Success! It’s good to be right every now and then. Okay, all the time. Because I was right. For once it wasn’t about something depressing, either. We’ll build this colony yet!
I finished installing about 10 kilowatts worth of panels on the roof and the grounds all around the office, earlier than I ever could’ve thought possible. It’s kinda funny how hard work just sorta blurs together. Get started, and next thing I know I’m already finishing up. Take that, everybody. I might not have magic or wings but I can still get things done. Try and stop me, I dare you.
Joseph was still doing computer things, so I stepped out to wander around the city. Huan kept me company, though I had mace with me too in case we ran into something dangerous. We didn’t, though as I got further from the office, I noticed something I hadn’t.
Singing. It wasn’t very loud, the voice haunting in the early evening. Good thing I hadn’t turned the music on so loud while I was working. Haunting, old-world song about a fairy who can’t leave her wood. I’ve never heard the song before; folk was never really my thing. But as clear as it came, it clearly wasn’t electronic. It was a pony. In person. Leading me right to him with his voice.
My ears are very good, and it wasn’t hard at all to follow the voice back to its source: the hospital.
I wasn’t the only one drawn in by the sound: dozens of squirrels and birds had stopped to listen too, clearly watching the building with too-intelligent eyes. They barely seemed to notice me at all.
Whatever, that’s okay. I didn’t really want them too. I’m just glad Huan didn’t chase any of them; I know how much dogs like to chase squirrels. My old one sure did.
I had to walk all the way around the parking lot to find the speaker, though I couldn’t see them at first. There was a garden back here, in much better shape than any further south (much more rainfall I guess). It didn’t look like any garden I’d ever seen, though. Rather, it looked like the Garden of Eden come to Earth again.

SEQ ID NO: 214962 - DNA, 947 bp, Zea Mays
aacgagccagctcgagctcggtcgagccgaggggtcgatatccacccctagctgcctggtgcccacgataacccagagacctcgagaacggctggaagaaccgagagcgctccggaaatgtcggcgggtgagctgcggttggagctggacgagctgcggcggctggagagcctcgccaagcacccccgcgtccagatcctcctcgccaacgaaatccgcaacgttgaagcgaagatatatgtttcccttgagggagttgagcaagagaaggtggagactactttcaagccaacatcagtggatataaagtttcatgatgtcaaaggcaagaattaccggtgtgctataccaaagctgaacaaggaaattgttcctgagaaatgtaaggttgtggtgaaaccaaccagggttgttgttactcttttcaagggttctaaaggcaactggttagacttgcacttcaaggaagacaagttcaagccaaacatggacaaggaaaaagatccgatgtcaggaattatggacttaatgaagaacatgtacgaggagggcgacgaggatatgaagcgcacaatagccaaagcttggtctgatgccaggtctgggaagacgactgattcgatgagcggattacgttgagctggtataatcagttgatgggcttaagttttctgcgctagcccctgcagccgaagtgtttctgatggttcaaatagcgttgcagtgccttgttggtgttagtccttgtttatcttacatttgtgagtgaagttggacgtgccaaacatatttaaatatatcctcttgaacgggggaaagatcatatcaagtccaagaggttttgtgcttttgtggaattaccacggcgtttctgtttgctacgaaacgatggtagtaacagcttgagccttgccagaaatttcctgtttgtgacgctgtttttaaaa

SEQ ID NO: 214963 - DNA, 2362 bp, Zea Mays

A cobblestone path (probably pre-Event) was more or less the only way through. Huge sunflowers rose on the edges, with blankets of forget-me-nots and daisies and hundreds of others. A few oaks stood beside mature apple and pear trees, in a loose ring. The path led to a gazebo, and it was there I found the pony.
He was like me, lacking horn or wings, built sturdier-looking than either of the other two (species, breeds?). His body was purplish, mane bright. Granted, I couldn’t see too terribly much of his body; he was wearing a tailored coat, like any doctor from the hospital a few feet away might have worn, only trimmed and adjusted to fall over his back, his forelegs in the sleeves and the middle tied around his barrel.
He didn’t notice me at first, which was fine. I wanted to hear how the song ended. His jacket was dusted with dirt, and the pockets held gardening tools instead of medical ones. As I watched, he passed between the plants, trimming a rose-bush with the shears. His song was interrupted briefly as he ate one of the blossoms, biting it right off the plant.
Don’t they eat roses in Asia or something? I can’t remember now. Guess we eat them here too now. “We.”
“Excuse me,” I eventually said, as quietly as I could. “I don’t want to interrupt you.” I still did. Kindof an empty thing to say now that I think about it.